I must say that I don't think departmentalizing the blocks is at all ideal. The best scenario is definitely one teacher teaching all the blocks. 4-Blocks is so much more effective and beneficial to children when a teacher helps students make content and curricular connections. If we're studying the solar system in science, then we might read the science chapter during Guided Reading Block. This kind of text is difficult for students and should be considered the "real" reading that students have to do. Teachers need to teach students more about the structure and organization of expository text along with the strategies that we use in all of our reading as they are applied to this difficult text.

Then, during our Self-Selected Reading Block, we might use our read-aloud time to share fiction and non-fiction about the solar system. We might start this several weeks before our instructional unit to provide some background knowledge and common vocabulary prior to teaching more difficult concepts. Also, we might read about the solar system during our instructional unit to deepen students' knowledge about the subject. Our vocabulary will come from the text as well and will be taught primarily during Guided Reading but reinforced during science block and during other times throughout the day.

There will also be a connection to our Working with Words Block from our science theme. The mystery word in Making Words might be Saturn, universe, or constellations. We might read Earth Songs, a picture book of poetry, and identify the rhyming words for Rounding Up the Rhymes. We might brainstorm some words with the same rime patterns as our key words and use our list for Reading and Writing Rhymes.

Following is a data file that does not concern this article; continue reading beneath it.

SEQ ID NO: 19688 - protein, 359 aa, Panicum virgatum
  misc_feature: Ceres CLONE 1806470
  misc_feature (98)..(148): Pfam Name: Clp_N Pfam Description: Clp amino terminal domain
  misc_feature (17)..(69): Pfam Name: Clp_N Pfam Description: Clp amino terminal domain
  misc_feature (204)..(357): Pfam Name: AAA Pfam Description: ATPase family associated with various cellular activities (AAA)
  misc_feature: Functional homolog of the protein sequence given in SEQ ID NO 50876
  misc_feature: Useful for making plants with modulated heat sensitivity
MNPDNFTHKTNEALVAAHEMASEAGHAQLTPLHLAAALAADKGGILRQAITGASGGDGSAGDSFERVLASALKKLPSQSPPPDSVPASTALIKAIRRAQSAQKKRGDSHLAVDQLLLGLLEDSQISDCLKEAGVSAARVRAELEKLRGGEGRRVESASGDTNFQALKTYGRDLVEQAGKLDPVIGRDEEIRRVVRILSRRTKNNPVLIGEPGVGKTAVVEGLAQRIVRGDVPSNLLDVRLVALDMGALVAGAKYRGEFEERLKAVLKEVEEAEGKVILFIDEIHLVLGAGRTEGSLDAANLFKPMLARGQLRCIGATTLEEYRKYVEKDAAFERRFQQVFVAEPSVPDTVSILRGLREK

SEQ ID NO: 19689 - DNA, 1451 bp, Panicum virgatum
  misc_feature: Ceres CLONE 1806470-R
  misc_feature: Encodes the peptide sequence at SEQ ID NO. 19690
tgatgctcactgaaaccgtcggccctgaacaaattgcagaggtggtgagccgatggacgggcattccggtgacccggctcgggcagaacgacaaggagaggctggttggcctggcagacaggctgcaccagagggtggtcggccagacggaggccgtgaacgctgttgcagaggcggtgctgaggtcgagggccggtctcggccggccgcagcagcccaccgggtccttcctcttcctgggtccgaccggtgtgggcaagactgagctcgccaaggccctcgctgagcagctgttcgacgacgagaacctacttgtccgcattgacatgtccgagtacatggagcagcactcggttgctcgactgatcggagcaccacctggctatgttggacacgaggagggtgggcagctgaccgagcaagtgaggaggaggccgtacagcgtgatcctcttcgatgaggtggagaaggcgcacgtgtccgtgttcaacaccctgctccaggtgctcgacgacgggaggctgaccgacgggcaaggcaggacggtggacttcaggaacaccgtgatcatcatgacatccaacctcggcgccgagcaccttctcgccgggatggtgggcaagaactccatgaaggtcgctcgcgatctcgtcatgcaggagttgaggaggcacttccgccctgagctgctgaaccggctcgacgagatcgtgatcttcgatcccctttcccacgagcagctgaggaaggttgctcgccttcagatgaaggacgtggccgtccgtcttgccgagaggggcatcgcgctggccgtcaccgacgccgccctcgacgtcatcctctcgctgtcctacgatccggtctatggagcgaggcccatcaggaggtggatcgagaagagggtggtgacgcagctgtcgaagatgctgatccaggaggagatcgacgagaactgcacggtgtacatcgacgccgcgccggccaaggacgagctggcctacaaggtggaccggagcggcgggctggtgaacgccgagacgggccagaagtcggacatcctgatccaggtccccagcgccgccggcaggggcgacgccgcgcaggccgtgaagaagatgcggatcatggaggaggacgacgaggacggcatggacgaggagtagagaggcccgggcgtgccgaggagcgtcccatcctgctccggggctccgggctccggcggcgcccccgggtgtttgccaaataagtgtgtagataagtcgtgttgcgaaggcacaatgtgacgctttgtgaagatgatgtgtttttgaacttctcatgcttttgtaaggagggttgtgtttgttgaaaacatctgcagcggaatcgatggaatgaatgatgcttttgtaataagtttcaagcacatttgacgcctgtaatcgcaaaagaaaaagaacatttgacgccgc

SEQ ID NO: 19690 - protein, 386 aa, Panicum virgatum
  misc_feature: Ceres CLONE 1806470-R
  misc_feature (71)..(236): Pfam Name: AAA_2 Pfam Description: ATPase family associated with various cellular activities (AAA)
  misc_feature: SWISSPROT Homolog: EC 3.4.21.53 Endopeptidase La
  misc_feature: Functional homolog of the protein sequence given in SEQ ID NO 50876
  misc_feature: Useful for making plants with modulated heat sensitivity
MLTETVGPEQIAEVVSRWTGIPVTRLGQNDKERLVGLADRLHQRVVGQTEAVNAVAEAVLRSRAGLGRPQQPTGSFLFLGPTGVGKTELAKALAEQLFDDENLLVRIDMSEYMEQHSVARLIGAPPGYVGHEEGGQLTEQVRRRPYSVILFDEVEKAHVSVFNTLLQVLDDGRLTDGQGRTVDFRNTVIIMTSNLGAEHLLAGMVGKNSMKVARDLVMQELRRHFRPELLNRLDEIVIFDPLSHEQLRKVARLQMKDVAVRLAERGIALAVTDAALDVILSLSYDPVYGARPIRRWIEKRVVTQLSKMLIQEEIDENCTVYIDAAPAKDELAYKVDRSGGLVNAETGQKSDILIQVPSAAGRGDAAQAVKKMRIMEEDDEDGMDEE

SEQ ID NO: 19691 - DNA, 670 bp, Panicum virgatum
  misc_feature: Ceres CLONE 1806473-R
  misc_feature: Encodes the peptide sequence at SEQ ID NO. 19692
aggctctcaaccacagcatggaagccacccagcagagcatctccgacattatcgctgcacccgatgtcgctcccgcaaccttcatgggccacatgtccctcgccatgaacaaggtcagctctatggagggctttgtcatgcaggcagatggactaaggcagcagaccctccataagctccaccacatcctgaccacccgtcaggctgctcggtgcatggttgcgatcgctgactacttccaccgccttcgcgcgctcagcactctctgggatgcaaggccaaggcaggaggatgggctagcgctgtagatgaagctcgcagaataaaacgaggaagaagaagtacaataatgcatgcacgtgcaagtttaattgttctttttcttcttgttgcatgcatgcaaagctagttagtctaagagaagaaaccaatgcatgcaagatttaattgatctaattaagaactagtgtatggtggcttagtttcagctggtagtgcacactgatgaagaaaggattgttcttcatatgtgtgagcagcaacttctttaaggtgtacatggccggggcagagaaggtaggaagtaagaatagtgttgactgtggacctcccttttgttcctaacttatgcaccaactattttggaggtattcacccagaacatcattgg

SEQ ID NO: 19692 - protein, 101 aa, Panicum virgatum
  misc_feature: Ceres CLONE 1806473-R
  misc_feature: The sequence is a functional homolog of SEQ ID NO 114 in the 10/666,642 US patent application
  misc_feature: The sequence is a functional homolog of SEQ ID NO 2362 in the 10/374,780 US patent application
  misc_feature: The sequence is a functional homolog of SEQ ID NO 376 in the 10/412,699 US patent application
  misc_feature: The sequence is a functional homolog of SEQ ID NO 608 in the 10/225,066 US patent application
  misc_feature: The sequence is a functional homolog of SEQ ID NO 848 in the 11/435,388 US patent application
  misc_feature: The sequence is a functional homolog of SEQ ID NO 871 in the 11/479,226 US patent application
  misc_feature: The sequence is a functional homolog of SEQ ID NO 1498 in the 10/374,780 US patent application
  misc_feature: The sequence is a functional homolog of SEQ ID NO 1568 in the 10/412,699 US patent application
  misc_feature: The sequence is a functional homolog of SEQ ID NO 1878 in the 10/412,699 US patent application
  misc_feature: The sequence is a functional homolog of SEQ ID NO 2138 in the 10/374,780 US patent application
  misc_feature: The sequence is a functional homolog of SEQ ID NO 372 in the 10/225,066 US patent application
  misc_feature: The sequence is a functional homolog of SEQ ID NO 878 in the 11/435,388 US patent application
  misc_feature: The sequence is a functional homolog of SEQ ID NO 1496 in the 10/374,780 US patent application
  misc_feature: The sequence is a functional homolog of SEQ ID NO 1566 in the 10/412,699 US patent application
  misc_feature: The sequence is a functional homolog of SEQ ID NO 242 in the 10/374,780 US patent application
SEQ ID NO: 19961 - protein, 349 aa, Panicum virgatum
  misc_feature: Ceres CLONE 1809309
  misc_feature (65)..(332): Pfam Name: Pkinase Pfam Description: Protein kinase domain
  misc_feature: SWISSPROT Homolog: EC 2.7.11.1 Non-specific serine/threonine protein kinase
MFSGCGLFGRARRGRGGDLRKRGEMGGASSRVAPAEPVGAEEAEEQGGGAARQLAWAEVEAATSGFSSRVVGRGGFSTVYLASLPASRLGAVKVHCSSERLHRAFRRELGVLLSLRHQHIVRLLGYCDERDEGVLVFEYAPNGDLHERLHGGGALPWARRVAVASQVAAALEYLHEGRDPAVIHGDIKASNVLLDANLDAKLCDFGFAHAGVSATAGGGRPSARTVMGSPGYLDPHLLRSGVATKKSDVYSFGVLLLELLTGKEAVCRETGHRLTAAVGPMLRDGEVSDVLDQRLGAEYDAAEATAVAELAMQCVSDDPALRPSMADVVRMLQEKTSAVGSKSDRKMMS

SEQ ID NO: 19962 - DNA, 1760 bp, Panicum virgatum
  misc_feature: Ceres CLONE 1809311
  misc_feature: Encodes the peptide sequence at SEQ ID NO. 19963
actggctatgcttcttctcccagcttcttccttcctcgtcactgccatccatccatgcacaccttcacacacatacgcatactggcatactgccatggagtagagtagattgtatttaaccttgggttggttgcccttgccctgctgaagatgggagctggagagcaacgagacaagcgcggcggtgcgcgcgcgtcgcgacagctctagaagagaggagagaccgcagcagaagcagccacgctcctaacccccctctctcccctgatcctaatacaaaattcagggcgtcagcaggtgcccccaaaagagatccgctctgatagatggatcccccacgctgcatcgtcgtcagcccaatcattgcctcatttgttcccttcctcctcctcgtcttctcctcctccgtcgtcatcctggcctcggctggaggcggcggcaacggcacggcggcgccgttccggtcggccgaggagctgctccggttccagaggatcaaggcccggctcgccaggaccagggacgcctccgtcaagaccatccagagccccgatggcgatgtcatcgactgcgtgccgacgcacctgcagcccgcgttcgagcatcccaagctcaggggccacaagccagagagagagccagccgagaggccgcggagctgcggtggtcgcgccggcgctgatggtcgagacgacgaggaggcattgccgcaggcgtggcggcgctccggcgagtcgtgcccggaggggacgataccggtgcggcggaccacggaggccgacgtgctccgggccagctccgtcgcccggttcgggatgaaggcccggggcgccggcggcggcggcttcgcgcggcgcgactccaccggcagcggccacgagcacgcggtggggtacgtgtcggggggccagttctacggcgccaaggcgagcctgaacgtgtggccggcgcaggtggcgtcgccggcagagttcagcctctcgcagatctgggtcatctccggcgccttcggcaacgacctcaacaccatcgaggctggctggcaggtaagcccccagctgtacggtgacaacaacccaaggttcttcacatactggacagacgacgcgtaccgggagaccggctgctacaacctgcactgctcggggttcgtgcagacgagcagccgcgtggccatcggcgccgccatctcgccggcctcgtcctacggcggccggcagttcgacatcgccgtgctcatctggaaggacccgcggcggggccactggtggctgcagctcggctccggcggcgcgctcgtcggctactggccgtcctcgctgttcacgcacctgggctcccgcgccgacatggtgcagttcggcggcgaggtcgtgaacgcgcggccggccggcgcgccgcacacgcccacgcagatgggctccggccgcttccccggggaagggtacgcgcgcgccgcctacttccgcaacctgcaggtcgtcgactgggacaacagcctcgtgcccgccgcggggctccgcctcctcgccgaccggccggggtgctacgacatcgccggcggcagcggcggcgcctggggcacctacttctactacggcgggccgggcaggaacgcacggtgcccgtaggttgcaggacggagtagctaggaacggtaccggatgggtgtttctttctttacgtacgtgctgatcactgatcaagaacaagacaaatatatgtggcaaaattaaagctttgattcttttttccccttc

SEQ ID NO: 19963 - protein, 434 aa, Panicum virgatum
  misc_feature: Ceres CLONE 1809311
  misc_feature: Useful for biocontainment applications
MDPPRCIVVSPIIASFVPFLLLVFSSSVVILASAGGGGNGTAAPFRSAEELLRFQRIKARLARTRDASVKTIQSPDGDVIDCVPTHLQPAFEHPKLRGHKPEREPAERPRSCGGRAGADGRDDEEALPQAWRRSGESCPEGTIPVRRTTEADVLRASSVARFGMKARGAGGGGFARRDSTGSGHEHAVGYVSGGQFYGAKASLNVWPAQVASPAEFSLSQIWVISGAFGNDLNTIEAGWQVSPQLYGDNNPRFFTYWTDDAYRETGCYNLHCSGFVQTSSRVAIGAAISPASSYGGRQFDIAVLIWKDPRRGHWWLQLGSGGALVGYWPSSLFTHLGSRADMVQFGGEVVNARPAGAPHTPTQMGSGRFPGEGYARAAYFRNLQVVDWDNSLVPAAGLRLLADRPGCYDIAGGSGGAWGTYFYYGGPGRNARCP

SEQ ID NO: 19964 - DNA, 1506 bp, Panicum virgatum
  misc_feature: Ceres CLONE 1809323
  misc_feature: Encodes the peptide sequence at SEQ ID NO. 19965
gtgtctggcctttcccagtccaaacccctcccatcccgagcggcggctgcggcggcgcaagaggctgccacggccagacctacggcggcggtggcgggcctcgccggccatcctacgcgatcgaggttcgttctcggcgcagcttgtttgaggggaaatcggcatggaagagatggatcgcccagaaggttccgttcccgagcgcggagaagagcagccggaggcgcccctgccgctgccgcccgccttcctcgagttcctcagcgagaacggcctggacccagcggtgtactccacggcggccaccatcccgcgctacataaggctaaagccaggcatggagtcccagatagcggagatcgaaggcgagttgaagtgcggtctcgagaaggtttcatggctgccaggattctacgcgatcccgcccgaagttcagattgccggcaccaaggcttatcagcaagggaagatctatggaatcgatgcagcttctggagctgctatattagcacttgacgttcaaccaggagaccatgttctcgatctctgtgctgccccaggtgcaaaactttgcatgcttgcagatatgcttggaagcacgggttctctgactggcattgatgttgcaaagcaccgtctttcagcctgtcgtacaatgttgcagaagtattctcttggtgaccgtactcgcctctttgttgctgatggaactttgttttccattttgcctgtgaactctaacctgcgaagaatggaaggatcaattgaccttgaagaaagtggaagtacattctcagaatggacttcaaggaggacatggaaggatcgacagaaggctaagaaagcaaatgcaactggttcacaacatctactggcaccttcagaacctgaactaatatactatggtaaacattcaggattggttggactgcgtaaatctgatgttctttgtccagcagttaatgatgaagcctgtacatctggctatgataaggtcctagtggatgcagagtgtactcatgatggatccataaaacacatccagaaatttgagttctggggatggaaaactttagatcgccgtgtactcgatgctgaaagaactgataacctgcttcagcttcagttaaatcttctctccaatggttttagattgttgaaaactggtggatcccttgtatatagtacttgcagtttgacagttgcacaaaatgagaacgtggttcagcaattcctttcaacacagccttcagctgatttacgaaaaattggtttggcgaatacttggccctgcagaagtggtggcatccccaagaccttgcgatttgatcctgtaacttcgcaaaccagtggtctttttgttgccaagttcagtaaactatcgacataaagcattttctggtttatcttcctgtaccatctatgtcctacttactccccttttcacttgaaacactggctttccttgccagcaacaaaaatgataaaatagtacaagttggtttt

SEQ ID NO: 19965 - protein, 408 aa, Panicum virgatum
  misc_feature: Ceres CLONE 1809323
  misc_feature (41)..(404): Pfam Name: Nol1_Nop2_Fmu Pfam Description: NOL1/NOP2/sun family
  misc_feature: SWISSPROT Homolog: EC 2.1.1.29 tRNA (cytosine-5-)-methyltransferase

In Writing Block, the teacher might model how to write a report about one of the planets. Or, the teacher might write poetry or facts about the solar system from what has been studied. The students will likely follow the lead of the teacher in writing, too, about what has been studied in science or what has been explored during the science center time.

So, without a great deal of planning and coordination among four teachers, the opportunities for such rich connections might be lost. And, these connections are so important. They are what make learning fun and more meaningful for students.

Another critical defense of keeping all four blocks with the same teacher involves the constant informal evaluation of students that is accomplished by the teacher. The evaluation and assessment process is constant throughout instruction and the information is used for more effectively planning mini-lessons for the whole class and lessons that individually address the needs of each student. During Self-Selected Reading Block, teachers conference with each student over the course of the week, constantly gathering information---what does a student do when he comes to a word he doesn't know, which skills does he apply, what genres appear to be the most popular among students, or what topics interest this student. If students read aloud during their individual conferences and demonstrate that they have no strategies for tackling unknown words, then a teacher is likely to use that information to plan appropriate activities for the Words Block---maybe more Guess the Covered Word activities to be sure that students think through common strategies.

During Guided Reading, teachers watch and listen as students are in the act of reading with each other, as students complete the purpose for their lesson, and during the closure activity to see how well they understood their assignment (the purpose set for the lesson). All of this information is used to plan a more effective follow-up or to signal that it's okay to move to a different mini-lesson.